“That one is going to be pretty special, being in the Marine Corps. We wanted to do it last year. My wife’s going to run this one with me. I think it starts off near the Pentagon and you go through all the monuments and then at end you end up at the Marine Corps Statue and the Marine Corps Band is supposed to be playing. It’s supposed to be really neat,” Pollard said.
Pollard actually didn’t get involved with long-distance running until after joining the Marines at 28. Following his six years of service, the 1995 Bremen graduate was looking for new forms of competition.
“As I got older and being a former athlete, I liked to compete and I started realizing I can’t compete in the things that I used to do like football and basketball anymore because I’m old. So I had to find some new hobbies. Like tennis, you can play tennis throughout your lifetime. Then I started running and doing a marathon was always on my bucket list,” Pollard said.
Pollard credits fellow Bremen runner Carol Hogan for teaching him how to train for marathons. Hogan, 55, has run 13 marathons, her first one being the Chicago Marathon at age 40.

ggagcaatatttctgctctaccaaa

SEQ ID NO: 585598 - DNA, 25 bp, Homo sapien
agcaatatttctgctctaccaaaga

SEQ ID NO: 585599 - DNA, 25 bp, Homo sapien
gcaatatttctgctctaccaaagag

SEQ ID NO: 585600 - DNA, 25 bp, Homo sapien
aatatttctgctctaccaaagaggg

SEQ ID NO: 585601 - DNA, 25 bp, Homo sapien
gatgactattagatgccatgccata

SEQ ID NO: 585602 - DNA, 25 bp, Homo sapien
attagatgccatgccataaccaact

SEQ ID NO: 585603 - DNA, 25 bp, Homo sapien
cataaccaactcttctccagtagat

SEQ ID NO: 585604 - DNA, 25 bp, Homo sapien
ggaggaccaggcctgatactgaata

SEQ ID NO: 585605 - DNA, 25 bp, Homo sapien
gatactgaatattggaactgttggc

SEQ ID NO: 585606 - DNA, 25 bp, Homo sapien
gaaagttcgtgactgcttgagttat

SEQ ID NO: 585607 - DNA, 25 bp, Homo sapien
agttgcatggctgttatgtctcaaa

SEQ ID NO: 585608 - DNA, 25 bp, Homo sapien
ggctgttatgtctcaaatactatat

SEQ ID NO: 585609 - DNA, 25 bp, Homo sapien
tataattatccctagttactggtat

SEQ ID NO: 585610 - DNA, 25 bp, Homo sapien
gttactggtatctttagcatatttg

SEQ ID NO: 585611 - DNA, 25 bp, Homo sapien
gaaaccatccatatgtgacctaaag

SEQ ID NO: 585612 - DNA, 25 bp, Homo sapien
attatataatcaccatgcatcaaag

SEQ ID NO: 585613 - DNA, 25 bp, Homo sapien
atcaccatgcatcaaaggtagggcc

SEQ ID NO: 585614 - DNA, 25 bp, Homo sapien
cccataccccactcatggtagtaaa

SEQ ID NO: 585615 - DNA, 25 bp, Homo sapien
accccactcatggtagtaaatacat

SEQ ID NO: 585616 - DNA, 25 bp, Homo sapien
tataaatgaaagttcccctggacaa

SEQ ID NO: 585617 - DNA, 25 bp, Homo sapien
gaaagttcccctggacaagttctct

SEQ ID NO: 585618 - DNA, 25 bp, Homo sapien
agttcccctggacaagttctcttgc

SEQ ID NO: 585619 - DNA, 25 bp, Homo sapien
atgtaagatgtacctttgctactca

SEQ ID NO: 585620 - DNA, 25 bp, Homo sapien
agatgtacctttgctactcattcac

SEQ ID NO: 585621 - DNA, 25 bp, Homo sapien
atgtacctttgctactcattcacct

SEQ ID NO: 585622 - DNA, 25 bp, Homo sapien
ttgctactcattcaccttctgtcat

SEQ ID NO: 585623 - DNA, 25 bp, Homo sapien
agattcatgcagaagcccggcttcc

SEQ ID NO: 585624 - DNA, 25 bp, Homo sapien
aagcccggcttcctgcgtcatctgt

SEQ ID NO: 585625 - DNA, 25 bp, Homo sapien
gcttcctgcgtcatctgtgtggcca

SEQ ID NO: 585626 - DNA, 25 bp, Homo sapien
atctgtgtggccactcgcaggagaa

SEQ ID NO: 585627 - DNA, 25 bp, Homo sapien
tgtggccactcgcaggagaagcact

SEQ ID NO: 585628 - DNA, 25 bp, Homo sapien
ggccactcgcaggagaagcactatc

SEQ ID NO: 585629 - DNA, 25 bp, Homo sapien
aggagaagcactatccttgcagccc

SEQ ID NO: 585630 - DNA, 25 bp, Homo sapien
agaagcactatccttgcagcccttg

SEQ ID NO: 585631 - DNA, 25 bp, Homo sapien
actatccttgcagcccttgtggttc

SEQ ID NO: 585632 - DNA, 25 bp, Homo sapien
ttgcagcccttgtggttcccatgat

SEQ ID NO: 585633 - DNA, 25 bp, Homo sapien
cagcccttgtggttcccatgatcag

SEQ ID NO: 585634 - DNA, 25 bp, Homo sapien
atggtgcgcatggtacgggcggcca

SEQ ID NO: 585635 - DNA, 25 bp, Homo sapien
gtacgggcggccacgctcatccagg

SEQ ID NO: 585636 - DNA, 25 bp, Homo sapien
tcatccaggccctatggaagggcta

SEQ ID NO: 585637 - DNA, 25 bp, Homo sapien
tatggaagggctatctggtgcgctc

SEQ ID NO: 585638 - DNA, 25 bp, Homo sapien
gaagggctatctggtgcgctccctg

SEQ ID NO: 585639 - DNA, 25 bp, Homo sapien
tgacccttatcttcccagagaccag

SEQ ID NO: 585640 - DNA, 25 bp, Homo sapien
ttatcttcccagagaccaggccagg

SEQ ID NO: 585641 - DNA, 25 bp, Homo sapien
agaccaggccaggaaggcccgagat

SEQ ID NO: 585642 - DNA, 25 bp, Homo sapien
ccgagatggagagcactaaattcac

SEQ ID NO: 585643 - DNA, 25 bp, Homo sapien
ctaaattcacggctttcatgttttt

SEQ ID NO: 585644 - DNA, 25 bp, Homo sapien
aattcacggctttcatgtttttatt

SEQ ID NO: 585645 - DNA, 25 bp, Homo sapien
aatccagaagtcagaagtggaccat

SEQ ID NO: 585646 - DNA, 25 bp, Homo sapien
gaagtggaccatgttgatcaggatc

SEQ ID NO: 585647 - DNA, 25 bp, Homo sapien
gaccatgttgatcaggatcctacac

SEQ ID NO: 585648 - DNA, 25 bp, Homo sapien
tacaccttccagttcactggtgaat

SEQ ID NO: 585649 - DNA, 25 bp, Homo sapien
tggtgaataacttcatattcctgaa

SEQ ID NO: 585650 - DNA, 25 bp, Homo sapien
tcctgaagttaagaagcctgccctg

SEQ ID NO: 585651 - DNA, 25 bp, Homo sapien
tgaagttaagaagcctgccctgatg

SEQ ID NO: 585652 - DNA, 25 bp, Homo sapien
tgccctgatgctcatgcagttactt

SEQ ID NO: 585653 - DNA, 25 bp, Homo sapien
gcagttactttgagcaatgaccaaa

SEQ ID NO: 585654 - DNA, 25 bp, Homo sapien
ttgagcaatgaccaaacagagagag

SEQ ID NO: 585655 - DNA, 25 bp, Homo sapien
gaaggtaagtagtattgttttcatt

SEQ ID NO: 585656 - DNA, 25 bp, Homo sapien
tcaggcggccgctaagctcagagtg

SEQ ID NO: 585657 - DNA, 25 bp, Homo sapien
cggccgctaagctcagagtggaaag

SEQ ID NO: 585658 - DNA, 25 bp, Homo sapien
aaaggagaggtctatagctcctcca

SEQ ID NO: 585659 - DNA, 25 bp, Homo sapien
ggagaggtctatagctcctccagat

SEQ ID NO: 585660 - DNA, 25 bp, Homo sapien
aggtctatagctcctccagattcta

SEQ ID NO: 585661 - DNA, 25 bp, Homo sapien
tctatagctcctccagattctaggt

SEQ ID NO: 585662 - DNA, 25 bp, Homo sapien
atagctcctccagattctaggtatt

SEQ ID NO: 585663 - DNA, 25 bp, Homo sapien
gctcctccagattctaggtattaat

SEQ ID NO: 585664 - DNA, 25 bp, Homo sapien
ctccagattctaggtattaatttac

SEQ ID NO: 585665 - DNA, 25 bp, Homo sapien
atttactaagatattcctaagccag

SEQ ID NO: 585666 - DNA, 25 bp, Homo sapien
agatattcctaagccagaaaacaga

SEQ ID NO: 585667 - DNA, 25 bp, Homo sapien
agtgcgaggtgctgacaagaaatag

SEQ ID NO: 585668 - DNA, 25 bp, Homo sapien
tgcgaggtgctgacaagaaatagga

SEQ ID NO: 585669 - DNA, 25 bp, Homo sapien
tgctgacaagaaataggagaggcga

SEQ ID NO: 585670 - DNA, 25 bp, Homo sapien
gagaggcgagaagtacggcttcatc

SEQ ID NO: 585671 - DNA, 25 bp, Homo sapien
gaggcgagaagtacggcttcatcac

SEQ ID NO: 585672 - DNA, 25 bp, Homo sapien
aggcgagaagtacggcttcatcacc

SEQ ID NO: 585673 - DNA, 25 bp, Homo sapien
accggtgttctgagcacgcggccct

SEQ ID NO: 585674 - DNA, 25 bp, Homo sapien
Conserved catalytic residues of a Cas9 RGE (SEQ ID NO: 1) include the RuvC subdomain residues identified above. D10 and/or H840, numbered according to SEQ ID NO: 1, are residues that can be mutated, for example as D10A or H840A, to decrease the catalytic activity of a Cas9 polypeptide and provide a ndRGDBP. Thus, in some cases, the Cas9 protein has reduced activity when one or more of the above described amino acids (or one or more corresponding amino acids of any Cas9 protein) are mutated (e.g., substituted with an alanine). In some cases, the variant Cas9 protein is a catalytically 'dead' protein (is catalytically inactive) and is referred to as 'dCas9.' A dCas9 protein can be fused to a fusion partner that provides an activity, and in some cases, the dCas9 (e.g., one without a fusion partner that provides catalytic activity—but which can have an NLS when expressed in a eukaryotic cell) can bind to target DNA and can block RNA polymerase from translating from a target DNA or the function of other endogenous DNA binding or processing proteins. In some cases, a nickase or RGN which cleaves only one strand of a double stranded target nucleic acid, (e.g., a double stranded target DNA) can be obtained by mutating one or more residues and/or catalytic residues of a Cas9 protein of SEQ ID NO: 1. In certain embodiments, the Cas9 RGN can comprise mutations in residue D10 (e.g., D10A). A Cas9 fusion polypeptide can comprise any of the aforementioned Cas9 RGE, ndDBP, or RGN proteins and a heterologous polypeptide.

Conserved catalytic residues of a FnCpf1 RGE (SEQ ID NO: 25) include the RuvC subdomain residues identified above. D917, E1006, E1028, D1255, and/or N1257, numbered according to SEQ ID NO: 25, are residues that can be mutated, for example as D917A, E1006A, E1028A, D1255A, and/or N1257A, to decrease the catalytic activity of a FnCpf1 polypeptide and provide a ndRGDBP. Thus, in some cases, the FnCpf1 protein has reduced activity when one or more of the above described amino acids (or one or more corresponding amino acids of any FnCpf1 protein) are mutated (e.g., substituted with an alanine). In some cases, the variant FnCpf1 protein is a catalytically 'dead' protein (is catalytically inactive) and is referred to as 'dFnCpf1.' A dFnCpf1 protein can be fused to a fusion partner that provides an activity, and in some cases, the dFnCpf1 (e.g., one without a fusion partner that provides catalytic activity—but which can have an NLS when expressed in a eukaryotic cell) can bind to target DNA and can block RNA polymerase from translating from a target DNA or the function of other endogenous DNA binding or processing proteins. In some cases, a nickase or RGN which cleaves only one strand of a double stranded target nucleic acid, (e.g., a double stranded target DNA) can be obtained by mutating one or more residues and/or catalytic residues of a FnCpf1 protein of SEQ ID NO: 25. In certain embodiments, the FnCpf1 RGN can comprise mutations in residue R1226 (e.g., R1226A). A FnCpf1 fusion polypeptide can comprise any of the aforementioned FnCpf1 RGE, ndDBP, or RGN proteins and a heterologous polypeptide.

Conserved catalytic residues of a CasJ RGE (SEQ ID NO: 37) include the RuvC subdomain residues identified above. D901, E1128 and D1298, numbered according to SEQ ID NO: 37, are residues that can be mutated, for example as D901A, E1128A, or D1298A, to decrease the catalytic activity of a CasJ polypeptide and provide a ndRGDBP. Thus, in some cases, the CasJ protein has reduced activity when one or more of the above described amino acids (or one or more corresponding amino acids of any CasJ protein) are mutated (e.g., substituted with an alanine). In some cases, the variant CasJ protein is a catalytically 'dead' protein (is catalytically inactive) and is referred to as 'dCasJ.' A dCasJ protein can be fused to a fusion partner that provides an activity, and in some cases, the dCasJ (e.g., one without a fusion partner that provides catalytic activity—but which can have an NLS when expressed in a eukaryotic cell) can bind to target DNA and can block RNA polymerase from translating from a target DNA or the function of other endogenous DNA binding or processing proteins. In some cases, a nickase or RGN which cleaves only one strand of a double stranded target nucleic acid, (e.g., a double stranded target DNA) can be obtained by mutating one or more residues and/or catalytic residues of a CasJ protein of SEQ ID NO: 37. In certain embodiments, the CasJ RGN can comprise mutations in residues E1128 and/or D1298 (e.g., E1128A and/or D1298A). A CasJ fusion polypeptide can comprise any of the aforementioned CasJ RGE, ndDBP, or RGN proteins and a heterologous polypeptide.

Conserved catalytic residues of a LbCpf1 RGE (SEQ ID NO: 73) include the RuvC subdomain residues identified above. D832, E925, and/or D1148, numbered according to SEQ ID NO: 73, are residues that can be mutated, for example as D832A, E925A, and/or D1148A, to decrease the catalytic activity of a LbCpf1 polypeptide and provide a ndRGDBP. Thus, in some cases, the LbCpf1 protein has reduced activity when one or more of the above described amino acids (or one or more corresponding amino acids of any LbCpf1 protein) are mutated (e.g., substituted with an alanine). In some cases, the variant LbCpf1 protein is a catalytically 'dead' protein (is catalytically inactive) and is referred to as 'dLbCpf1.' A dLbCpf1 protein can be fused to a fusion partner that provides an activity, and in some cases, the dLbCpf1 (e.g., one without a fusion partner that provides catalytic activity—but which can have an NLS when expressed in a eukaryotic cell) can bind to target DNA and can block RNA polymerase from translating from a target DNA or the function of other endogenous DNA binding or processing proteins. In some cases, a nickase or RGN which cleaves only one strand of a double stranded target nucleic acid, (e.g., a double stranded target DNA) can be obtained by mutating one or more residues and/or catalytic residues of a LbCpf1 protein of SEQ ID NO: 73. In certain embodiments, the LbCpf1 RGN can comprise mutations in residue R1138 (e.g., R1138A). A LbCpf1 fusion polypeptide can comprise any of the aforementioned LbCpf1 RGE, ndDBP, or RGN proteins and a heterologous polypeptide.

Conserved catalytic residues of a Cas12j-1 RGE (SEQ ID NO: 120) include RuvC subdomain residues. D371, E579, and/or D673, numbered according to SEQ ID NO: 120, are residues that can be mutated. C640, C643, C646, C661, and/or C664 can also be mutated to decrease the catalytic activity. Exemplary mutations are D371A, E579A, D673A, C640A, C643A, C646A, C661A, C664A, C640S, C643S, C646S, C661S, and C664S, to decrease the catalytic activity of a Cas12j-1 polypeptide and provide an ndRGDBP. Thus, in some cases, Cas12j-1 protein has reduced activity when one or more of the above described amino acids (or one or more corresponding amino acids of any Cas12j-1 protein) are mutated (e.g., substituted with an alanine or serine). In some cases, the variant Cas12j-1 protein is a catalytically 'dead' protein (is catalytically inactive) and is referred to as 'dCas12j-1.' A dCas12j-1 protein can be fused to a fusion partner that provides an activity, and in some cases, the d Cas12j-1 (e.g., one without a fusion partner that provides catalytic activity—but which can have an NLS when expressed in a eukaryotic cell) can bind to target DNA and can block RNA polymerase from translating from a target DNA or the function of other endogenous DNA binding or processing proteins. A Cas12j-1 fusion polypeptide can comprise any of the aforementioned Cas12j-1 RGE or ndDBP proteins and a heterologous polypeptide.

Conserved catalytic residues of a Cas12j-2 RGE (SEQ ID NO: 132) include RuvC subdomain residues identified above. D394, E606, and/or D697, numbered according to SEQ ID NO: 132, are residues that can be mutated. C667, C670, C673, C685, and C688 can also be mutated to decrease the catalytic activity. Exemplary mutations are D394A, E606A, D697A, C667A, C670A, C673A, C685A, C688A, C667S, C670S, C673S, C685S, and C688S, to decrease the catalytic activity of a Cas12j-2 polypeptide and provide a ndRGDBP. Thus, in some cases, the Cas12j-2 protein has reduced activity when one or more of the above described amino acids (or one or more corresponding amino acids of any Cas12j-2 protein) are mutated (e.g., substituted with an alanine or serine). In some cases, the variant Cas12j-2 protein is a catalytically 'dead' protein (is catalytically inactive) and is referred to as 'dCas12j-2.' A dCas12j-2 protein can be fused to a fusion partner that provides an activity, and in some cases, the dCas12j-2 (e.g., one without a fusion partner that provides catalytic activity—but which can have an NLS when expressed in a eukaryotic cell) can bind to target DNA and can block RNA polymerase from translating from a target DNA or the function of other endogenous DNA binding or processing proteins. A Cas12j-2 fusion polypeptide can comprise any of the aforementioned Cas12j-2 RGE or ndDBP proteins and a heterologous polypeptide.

“A friend wanted to run one and she talked me into training with her. While we were training, she had to have surgery and she had to drop out, so I had to end up doing it by myself,” Hogan said. “It was quite a challenge. It was fun, but it was all new territory. I didn’t have friends who had run marathons before, so I had to figure out the training on my own.”
Hogan began distance running when she was 25 and eventually worked up to the idea of doing a marathon.
“I need a goal in front of me to keep me motivated. I was afraid I would stop running and would stop getting enough exercise if I didn’t have something like that in front of me to work toward,” Hogan said.
Hogan tries to run at least one marathon a year, and she will be among the 45,000 participants in the Chicago Marathon today. Hogan isn’t a stranger to this particular event, but she is hopeful for better conditions this go-around. Record heat shut down the 2007 Chicago Marathon, where one person died and more than 50 were hospitalized due to the high humidity an unseasonable fall weather.